My flight in to Oshkosh
Enough has and will be written about the event itself by persons better than I, but
this year I was lucky enough to acquire an aeroplane to fly in to Oshkosh, so herewith my
My steed is a 1938 Taylorcraft BL, converted some time ago to Continental-powered from its original Lycoming. It is owned by Mike and Marta Jones of Beloit Illinois, and I met them some years ago through the Taylorcraft Owners Club. In previous years, I have borrowed ol' Bluey to take to the annual Pietenpol & Hatz fly-in at Brodhead, Wisconsin, but this year I persuade them to allow me to take her to Oshkosh.
(Above: My steed for the week)
Pre-flight planning for Oshkosh is via the comprehensive downloadable NOTAM, and requires specific VFR arrival & departure routes. For arrival, there is a temporary "tower" with associated Approach frequency in a caravan in a field near the town of Fisk, about 5 miles south-west of Oshkosh, and VFR arrivals are required to route overhead from a specific direction.
Jim in '953 and I travel as a two-ship pair. We depart Brodhead at dawn, and after the 80 minute flight, initially route overhead Ripon (5 miles south-west of Fisk) and follow the railroad tracks towards Fisk.
(Above: Jim and '953)
The Fisk controller identifies us by type, and asks us which runway we would prefer. Normally and by intent, the approach conversation is one-way, but since we are arriving at stupid-o'clock and traffic is light (in fact we saw only one other aircraft), the controller has time for some chit-chat. This morning, with a south-westerly wind, 27 is the duty runway, but given the opportunity for shorter taxy time to our parking, we accept a 36 arrival; the rear-quartering tailwind on touchdown will be less than 10 knots.
Before clearing us to route along the east-west road towards a left base for 36, he remarks "the nicest formation he's seen all day"...we laugh and change frequency to monitor Oshkosh Tower.
(Above: Extended left base for 36. The east-west road is below, and the early morning sun reflects off Lake Winnebago)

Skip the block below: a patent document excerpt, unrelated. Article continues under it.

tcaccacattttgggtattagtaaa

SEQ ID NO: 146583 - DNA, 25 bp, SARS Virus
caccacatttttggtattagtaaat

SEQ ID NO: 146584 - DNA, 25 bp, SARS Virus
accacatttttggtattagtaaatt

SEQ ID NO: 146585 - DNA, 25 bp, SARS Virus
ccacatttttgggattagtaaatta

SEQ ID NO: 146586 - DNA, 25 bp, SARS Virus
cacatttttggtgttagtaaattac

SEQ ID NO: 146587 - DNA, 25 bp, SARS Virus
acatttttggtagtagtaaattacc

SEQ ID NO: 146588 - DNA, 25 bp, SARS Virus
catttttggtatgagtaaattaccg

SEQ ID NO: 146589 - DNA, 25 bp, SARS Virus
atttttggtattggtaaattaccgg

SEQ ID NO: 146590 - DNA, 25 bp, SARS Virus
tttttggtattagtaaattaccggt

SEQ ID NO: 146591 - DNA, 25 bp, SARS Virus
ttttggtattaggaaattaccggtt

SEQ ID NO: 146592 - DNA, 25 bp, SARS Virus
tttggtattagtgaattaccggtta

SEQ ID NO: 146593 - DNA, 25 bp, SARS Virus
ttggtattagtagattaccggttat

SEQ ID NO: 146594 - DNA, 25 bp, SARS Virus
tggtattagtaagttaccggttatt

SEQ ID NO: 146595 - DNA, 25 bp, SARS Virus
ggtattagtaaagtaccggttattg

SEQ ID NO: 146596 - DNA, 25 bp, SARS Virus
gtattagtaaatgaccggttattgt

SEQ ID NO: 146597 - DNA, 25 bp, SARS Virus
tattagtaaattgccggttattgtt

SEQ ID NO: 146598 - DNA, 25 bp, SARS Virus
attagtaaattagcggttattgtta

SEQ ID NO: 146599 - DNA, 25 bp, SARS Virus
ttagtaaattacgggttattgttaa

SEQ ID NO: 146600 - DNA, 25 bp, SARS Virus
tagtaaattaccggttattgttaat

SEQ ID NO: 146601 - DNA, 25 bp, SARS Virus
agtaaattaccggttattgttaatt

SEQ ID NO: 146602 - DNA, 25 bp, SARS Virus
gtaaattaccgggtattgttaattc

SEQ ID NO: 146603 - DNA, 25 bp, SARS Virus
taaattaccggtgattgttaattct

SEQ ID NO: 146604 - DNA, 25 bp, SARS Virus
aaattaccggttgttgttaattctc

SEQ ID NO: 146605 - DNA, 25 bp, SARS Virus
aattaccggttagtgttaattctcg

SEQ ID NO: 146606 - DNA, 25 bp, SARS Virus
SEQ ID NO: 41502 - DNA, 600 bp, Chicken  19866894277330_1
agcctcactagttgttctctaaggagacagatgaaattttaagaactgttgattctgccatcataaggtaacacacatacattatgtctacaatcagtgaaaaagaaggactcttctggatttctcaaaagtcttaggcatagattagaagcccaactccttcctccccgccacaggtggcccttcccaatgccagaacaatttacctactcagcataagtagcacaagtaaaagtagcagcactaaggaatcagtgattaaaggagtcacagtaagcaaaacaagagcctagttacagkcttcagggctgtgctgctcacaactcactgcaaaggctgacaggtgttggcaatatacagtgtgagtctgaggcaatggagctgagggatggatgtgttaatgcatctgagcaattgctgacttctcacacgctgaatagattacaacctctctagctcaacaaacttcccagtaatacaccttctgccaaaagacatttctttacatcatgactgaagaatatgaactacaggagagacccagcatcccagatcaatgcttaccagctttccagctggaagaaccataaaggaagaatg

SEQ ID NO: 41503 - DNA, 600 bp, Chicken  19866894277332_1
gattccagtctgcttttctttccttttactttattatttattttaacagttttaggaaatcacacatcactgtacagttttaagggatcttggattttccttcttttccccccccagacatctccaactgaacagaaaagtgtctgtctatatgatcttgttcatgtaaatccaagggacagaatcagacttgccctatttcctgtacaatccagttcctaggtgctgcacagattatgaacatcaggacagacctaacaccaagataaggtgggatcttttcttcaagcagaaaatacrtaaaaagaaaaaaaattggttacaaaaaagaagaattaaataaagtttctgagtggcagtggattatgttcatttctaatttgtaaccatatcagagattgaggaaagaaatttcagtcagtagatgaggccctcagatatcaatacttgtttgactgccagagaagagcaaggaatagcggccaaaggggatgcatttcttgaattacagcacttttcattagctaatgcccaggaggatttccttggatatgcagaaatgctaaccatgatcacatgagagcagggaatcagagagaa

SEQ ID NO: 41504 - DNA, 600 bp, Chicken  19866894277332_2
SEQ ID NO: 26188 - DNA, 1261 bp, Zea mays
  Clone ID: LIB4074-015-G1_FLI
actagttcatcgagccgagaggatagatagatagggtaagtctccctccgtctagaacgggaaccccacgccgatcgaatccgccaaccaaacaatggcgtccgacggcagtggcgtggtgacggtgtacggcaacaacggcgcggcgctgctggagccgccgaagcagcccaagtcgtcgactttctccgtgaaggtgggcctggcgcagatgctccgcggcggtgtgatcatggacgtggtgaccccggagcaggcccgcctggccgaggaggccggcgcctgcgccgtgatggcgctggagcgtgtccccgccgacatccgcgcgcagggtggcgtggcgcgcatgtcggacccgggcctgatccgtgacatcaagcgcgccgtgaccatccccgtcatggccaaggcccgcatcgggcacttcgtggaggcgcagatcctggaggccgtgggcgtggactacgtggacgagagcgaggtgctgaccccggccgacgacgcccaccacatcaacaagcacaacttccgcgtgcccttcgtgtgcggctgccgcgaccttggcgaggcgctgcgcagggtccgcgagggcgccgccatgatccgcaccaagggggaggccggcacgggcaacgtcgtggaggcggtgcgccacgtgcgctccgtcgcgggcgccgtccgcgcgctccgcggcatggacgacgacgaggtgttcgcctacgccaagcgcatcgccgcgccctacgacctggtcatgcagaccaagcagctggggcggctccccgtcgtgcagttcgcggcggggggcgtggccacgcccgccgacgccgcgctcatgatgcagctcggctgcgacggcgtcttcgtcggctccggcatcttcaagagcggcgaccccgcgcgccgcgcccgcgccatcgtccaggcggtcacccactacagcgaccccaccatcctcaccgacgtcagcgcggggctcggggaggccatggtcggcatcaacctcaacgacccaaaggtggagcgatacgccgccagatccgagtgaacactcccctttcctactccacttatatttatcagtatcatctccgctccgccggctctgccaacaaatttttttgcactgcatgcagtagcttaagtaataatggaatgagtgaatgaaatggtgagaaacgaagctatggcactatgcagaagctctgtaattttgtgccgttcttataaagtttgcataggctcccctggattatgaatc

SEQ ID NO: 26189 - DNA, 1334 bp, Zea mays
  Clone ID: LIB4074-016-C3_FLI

Approaching one mile left base, the Tower picks us out and clears us to land as a pair on 36.
(Above: Short final 36. The quartering crosswind is a little stronger than anticipated, so we aim to land with some diagonal across the runway)
After taxying in & parking, I realise I have been parked in the wrong area (I should be in the Vintage park, not the Classic park) so search out a follow-me volunteer to escort me to the correct spot. Coincidentally, it's Eric, one of my Camp Scholler campmates.
(Above: Following Eric to the correct parking)
Duly parked up & tied down, I bump into Janie, and we commandeer a passer-by to do the honours. Mike has put a Union Flag on each side of ol' Bluey to reflect its now international crew.
(Above: Rob & Janie)
Four days later (before the show ends, so as to avoid the rush), I take ol' Bluey home. A departure briefing is required, and follow-me volunteers will then escort you to the taxyway for departure. The pink-shirted FAA controllers are at the runway threshold (36 again) getting a tan and controlling departures in between the arrivals. In short order, I am lined up & cleared to go. Again, the conversation is one-way.
(Above: Note the marked cross wind climb out; also the new FAA tower is evident)
The mandatory departure route is a right turn to 150 degrees, maintaining 1800' until clear of the zone. This takes me close to the seaplane base, so I wander over for a closer look. It appears many of the other departures are doing the same; we are overtaken quite often.
(Above: Oshkosh seaplane base)
I have previously arranged to meet some of my campmates at Hartford, 30 minutes south of Oshkosh, where it is much easier to take them for a ride, rather than battle the long queues at Oshkosh each time, so I head there with a passenger.
(Above: Final for 29 at Hartford)
I take some of the campground kids for a trip, before the flight back to home base at Dacy, Illinois.
(Above: A smile says it all)
Completion of the rides now allows me the last 50 minute flight alone down to Dacy, and in short order, ol' Bluey is tucked up safe.
(Above: Safe & sound in the 1930's hangar)
This was the second time I had flown into Oshkosh, and it's not at all as daunting as it might initially appear. Thorough study of the NOTAM, and arriving & departing outside of peak hours will ensure a stress-free flight.